was forced to resign due to the employer’s inaction.
What is the quantum or degree of evidence required to prove that a person is guilty of SH?
For the crime of SH, it is proof beyond reasonable doubt as determined by the proper
criminal court (i.e. the Metropolitan Trial Court).
However, for violating company policy on SH, an employer may hold any erring manager
or employee administratively liable on the basis of substantial evidence.
What is substantial evidence?
In cases filed before administrative or quasi-judicial bodies, including disciplinary cases in
the workplace, a fact may be deemed established if it is supported by substantial evidence,
or “that amount of relevant evidence which a reasonable mind might accept as adequate
to justify a conclusion.”
In criminal cases, proof beyond reasonable doubt is needed, whereas a mere preponderance
of evidence will suffice in civil cases. In administrative cases, only substantial evidence is
In essence, substantial evidence is the least exacting, in terms of weight or sufficiency of
evidence, for the determination of a disputed fact. However, it is still beyond mere
conjecture or bare allegation. It is more than a mere scintilla (or spark) of evidence. But it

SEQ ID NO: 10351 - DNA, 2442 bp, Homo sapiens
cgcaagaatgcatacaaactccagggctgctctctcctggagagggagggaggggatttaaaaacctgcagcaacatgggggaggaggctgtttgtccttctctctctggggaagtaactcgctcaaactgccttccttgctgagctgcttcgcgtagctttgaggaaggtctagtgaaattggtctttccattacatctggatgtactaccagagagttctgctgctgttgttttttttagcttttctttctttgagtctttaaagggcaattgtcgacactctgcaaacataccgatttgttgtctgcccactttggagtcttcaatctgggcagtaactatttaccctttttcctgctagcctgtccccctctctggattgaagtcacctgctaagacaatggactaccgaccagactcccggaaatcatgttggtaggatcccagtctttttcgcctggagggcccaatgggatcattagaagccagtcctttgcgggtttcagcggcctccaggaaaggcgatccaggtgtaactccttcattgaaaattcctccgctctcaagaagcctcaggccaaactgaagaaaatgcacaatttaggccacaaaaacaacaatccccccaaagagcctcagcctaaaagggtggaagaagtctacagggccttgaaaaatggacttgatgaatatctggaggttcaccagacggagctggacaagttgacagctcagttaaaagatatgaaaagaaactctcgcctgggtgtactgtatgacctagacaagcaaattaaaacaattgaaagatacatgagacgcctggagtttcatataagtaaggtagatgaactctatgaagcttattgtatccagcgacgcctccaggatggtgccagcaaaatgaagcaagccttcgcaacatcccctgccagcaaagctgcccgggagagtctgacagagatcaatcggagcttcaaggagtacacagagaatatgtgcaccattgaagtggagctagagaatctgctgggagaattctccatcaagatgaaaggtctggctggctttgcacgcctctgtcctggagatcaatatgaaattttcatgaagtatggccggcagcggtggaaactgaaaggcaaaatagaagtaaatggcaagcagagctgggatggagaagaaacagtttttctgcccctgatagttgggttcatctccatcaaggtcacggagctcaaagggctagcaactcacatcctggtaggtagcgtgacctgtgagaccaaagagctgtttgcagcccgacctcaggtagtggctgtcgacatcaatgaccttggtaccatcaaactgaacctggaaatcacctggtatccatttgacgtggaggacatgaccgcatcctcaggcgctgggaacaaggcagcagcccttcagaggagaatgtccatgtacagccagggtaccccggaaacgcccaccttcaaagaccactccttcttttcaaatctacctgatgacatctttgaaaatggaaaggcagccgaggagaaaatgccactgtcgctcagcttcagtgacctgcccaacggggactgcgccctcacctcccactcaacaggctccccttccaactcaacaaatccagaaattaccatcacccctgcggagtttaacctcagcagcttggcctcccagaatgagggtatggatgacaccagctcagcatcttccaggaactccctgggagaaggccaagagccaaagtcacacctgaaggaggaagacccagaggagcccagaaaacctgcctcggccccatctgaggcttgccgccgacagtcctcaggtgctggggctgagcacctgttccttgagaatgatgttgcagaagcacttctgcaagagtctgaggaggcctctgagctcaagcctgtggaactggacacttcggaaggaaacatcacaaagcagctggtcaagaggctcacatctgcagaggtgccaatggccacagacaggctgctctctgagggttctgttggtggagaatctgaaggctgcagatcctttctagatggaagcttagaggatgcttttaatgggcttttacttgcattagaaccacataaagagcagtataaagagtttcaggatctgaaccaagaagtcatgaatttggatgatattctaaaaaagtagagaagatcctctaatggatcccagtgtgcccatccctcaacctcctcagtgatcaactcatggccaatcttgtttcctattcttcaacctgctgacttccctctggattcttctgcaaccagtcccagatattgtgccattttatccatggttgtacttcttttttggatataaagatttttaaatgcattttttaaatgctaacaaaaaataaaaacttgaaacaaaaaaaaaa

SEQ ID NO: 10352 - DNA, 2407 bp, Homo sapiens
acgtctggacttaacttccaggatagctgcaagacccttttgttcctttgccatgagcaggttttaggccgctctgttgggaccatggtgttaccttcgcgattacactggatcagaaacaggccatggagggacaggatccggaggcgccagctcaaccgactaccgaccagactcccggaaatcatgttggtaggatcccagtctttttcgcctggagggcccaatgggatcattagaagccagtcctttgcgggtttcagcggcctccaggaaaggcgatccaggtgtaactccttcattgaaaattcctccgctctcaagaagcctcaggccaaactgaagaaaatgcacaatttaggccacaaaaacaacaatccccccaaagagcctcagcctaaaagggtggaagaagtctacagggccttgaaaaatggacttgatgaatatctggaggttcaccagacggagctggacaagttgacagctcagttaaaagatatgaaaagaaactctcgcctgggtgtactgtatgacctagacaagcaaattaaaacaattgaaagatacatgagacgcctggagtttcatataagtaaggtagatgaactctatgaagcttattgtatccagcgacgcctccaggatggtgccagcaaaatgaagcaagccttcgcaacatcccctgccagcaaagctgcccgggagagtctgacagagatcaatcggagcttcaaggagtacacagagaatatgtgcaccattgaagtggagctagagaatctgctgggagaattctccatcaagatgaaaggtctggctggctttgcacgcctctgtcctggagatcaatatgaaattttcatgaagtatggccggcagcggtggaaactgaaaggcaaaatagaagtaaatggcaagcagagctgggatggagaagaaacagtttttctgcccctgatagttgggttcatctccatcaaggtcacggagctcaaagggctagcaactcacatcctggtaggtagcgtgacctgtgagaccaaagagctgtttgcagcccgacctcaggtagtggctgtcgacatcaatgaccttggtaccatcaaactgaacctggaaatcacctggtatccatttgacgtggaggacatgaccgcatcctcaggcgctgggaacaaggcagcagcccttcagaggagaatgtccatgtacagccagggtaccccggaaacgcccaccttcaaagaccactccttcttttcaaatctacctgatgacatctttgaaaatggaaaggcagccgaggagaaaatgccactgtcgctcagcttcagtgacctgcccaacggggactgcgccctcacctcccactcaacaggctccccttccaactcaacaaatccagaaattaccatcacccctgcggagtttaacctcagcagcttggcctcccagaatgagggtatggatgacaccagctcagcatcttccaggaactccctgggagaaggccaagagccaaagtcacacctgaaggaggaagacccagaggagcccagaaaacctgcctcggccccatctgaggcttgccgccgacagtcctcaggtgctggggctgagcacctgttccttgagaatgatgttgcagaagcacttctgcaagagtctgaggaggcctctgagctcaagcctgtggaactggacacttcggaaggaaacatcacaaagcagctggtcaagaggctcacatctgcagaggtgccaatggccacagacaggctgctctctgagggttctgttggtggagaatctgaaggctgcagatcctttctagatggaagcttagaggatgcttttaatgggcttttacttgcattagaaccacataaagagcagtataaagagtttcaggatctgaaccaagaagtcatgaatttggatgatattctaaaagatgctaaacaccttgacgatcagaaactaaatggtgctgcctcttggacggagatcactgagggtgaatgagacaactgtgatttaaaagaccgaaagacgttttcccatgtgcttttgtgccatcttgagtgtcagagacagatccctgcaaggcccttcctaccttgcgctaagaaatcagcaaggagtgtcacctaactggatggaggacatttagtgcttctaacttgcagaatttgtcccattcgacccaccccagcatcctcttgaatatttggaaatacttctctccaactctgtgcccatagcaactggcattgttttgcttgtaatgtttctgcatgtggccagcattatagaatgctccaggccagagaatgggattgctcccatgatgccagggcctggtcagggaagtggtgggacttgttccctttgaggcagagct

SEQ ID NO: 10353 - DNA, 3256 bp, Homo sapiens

is less than preponderance, such that, even if other minds equally reasonable might
conceivably have a different opinion, a reasonable mind would still accept it as adequate
to justify a conclusion.
What is an example of substantial evidence?
In the landmark case of Domingo vs. Rayala, the Supreme Court affirmed the findings of
the CoDI upholding the testimony of the victim, a mere stenographer, against the testimony
of the offender who happened to be the NLRC Chairman. Rayala was suspended for 1 year
as it was merely his first SH offense. His acts, which he claimed to be fatherly or friendly
and without malice, was found by the CoDI to have generated an intimidating and hostile
environment for Domingo causing her to take a leave and request for transfer of
Can SH be established solely on the basis of the testimony of the victim?
Yes. SH cases are being approached by the courts like rape cases, wherein the victim is
usually the lone witness. Like rape, SH often happens in an isolated, secluded or vacated
place, where the only parties present are the offending and the offended parties. However,
it is crucial that the witness is credible and that the content of her testimony is equally
credible. Her narration of facts should be in consonance with human experience.
Is malicious intent (or the intent to commit SH) an essential element in an administrative
case of SH?
No. The Supreme Court said that intent is immaterial in administrative cases. Substantial
evidence is sufficient to establish the existence of SH, whether malice or lewd intent is
present or not. Recall that the essence of SH is that it is as act of discrimination and “an
imposition of misplaced superiority.” It is work-related harassment and the demand,
request or requirement for sexual favor just happens to be the means.